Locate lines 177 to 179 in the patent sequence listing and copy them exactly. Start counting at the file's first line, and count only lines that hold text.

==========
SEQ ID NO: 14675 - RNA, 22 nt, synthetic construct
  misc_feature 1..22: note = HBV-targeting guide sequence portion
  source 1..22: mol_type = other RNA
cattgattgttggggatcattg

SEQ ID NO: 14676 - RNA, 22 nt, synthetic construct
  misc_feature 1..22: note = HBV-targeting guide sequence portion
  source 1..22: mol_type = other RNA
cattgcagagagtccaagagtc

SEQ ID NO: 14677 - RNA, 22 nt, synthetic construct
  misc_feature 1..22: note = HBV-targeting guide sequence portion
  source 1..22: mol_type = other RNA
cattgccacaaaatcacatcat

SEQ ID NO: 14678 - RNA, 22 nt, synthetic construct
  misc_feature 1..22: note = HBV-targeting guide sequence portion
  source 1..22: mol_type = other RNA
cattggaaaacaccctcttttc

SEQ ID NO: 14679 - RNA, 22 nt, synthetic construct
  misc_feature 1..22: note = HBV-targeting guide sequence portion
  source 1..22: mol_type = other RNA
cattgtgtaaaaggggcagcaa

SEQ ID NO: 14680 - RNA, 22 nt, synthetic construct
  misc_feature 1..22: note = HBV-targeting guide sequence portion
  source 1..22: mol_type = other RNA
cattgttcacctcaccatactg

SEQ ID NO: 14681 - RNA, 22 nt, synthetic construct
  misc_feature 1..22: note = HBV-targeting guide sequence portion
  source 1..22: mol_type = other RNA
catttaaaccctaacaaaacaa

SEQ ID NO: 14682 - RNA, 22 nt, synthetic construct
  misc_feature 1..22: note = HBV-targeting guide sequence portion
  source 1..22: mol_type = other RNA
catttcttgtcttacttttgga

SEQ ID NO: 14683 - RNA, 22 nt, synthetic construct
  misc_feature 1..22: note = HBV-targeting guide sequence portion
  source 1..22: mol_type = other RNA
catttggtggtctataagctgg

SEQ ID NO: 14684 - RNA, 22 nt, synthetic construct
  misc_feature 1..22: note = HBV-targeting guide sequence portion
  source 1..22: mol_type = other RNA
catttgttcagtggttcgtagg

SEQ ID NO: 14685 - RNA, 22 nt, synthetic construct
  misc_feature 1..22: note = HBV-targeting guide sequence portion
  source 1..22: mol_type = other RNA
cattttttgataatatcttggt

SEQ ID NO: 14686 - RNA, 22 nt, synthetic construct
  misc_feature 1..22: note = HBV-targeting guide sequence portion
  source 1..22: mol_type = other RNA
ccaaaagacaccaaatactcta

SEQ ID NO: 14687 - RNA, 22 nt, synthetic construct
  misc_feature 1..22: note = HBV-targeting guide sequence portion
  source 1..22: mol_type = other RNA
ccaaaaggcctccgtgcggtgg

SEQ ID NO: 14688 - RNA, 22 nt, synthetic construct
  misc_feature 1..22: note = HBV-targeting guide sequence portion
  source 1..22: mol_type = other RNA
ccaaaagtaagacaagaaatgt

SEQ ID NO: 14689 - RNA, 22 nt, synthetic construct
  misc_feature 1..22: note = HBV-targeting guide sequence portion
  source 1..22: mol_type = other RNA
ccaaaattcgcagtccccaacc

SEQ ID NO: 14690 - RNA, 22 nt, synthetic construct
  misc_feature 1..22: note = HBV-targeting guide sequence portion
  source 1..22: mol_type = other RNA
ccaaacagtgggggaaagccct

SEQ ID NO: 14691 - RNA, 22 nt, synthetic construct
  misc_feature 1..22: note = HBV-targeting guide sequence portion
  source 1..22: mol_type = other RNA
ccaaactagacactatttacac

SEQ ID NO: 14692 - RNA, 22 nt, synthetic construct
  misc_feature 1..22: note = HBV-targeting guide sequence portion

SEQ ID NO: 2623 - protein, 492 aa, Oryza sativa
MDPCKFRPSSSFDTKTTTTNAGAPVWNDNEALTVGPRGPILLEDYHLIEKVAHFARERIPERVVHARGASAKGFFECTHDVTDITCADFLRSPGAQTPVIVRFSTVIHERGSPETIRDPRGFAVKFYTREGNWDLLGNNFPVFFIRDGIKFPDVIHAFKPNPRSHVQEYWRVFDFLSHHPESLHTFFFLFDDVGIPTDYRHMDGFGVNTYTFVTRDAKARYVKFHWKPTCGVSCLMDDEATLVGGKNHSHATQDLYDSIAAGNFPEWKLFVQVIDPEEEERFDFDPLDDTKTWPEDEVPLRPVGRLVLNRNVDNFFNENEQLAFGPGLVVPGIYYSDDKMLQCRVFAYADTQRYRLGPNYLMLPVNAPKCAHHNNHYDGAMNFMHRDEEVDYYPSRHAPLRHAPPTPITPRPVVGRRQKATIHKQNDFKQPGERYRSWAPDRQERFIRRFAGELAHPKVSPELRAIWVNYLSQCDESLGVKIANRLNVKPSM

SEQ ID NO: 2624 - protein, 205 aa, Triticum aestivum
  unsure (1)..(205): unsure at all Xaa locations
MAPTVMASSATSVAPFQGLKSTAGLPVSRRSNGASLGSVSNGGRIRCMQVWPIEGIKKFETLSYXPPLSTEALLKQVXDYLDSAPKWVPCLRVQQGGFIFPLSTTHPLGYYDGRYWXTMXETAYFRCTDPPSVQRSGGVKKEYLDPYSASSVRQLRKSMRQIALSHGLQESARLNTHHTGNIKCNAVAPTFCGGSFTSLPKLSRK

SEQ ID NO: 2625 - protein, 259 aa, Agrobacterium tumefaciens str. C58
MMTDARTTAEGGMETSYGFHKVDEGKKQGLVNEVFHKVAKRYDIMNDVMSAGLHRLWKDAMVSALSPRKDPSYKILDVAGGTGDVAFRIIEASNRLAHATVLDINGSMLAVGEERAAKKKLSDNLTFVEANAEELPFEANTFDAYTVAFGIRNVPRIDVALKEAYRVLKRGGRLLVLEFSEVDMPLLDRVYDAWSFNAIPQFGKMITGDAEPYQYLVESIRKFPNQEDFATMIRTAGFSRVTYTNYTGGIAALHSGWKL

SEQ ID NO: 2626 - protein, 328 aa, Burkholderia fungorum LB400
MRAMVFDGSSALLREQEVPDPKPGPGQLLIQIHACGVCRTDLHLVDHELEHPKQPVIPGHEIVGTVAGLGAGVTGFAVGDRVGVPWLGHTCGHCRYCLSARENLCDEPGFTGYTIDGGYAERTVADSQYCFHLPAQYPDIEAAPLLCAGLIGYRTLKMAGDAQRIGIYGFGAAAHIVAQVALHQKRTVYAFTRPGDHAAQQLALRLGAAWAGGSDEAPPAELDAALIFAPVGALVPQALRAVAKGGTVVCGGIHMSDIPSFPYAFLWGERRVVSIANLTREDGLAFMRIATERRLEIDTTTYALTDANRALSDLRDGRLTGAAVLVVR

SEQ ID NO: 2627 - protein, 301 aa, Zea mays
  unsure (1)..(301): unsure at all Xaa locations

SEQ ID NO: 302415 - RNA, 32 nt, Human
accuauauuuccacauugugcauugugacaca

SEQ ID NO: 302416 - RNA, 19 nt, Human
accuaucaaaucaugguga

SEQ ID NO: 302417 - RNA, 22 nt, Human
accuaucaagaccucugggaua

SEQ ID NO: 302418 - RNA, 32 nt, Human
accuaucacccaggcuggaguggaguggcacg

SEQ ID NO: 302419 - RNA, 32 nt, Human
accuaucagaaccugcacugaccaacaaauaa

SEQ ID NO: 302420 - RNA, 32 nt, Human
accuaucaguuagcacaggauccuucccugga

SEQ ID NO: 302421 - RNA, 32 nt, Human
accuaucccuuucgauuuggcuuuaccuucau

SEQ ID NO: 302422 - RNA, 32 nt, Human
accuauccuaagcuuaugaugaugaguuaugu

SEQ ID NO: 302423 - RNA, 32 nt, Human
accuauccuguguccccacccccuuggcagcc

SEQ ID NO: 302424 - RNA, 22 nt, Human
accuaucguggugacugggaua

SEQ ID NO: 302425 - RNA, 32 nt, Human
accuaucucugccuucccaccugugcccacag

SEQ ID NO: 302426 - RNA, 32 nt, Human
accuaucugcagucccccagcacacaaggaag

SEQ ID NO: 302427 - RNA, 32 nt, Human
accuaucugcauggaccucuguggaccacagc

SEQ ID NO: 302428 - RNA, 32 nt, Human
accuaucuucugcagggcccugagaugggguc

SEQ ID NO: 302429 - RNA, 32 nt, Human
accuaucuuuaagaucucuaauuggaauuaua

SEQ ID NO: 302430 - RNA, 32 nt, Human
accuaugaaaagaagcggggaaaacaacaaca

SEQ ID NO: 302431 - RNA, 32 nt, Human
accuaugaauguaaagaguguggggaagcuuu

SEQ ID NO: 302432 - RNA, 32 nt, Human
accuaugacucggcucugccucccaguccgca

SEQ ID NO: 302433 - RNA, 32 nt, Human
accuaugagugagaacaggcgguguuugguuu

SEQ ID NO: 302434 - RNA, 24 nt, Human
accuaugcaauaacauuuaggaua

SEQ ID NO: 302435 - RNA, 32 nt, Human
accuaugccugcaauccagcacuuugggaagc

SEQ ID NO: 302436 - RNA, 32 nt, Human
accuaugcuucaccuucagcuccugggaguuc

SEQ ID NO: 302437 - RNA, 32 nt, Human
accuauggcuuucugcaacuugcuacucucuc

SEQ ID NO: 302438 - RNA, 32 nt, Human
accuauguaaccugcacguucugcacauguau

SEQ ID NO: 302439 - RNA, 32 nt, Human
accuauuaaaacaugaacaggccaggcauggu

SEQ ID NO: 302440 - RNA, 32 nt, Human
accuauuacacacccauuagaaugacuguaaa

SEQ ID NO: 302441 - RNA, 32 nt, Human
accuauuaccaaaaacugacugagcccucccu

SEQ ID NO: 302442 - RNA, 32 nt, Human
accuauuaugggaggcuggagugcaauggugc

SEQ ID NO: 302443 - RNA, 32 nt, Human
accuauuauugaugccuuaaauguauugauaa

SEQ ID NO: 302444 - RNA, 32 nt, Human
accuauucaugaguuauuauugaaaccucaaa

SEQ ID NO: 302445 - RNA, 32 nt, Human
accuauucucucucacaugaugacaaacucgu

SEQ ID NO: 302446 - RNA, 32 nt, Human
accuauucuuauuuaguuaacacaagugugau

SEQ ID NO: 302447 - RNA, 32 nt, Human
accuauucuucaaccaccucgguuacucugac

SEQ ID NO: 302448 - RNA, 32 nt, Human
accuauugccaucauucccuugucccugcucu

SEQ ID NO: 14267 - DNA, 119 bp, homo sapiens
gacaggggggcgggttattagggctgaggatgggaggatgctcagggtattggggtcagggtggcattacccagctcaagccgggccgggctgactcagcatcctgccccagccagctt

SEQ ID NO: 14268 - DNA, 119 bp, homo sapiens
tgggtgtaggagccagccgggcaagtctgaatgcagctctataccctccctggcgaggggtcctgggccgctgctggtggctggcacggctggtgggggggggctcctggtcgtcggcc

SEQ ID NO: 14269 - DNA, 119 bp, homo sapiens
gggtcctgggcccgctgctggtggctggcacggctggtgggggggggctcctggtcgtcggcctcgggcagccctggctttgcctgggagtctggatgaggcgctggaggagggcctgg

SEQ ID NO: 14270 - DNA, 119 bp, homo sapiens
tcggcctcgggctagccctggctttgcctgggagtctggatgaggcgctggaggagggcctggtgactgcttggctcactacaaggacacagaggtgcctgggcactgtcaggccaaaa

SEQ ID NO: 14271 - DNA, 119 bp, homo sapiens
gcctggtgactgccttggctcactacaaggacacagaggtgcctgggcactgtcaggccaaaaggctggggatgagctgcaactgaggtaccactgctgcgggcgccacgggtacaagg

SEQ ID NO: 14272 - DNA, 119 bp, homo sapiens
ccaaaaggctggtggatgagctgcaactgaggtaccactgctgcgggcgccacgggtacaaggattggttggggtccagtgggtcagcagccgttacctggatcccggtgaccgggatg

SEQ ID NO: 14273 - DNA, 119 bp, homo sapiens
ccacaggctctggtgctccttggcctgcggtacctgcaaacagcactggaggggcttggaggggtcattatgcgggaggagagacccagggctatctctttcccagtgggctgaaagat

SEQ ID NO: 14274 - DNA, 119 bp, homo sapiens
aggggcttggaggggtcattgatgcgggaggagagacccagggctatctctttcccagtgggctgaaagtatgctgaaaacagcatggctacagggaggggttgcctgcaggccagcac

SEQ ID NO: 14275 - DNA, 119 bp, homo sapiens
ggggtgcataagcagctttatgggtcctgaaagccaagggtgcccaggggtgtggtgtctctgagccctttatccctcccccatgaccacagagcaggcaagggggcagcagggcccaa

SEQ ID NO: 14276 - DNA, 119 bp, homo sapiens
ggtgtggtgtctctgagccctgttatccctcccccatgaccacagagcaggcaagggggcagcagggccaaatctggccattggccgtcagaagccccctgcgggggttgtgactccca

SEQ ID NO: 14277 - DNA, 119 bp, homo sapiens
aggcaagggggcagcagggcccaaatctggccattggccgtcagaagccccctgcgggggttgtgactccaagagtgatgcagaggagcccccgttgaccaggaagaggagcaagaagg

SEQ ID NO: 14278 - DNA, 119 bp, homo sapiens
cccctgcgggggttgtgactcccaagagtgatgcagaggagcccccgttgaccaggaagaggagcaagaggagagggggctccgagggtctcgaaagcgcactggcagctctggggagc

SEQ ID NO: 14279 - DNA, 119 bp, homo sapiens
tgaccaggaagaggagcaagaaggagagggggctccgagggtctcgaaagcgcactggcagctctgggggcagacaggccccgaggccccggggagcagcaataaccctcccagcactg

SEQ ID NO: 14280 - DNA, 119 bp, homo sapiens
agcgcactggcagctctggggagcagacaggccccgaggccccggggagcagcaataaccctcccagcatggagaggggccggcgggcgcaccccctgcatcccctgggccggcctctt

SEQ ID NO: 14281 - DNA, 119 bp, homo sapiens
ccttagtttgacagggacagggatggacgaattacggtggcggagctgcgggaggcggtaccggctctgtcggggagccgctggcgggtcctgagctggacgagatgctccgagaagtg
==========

agcgcactggcagctctggggagcagacaggccccgaggccccggggagcagcaataaccctcccagcatggagaggggccggcgggcgcaccccctgcatcccctgggccggcctctt

SEQ ID NO: 14281 - DNA, 119 bp, homo sapiens
ccttagtttgacagggacagggatggacgaattacggtggcggagctgcgggaggcggtaccggctctgtcggggagccgctggcgggtcctgagctggacgagatgctccgagaagtg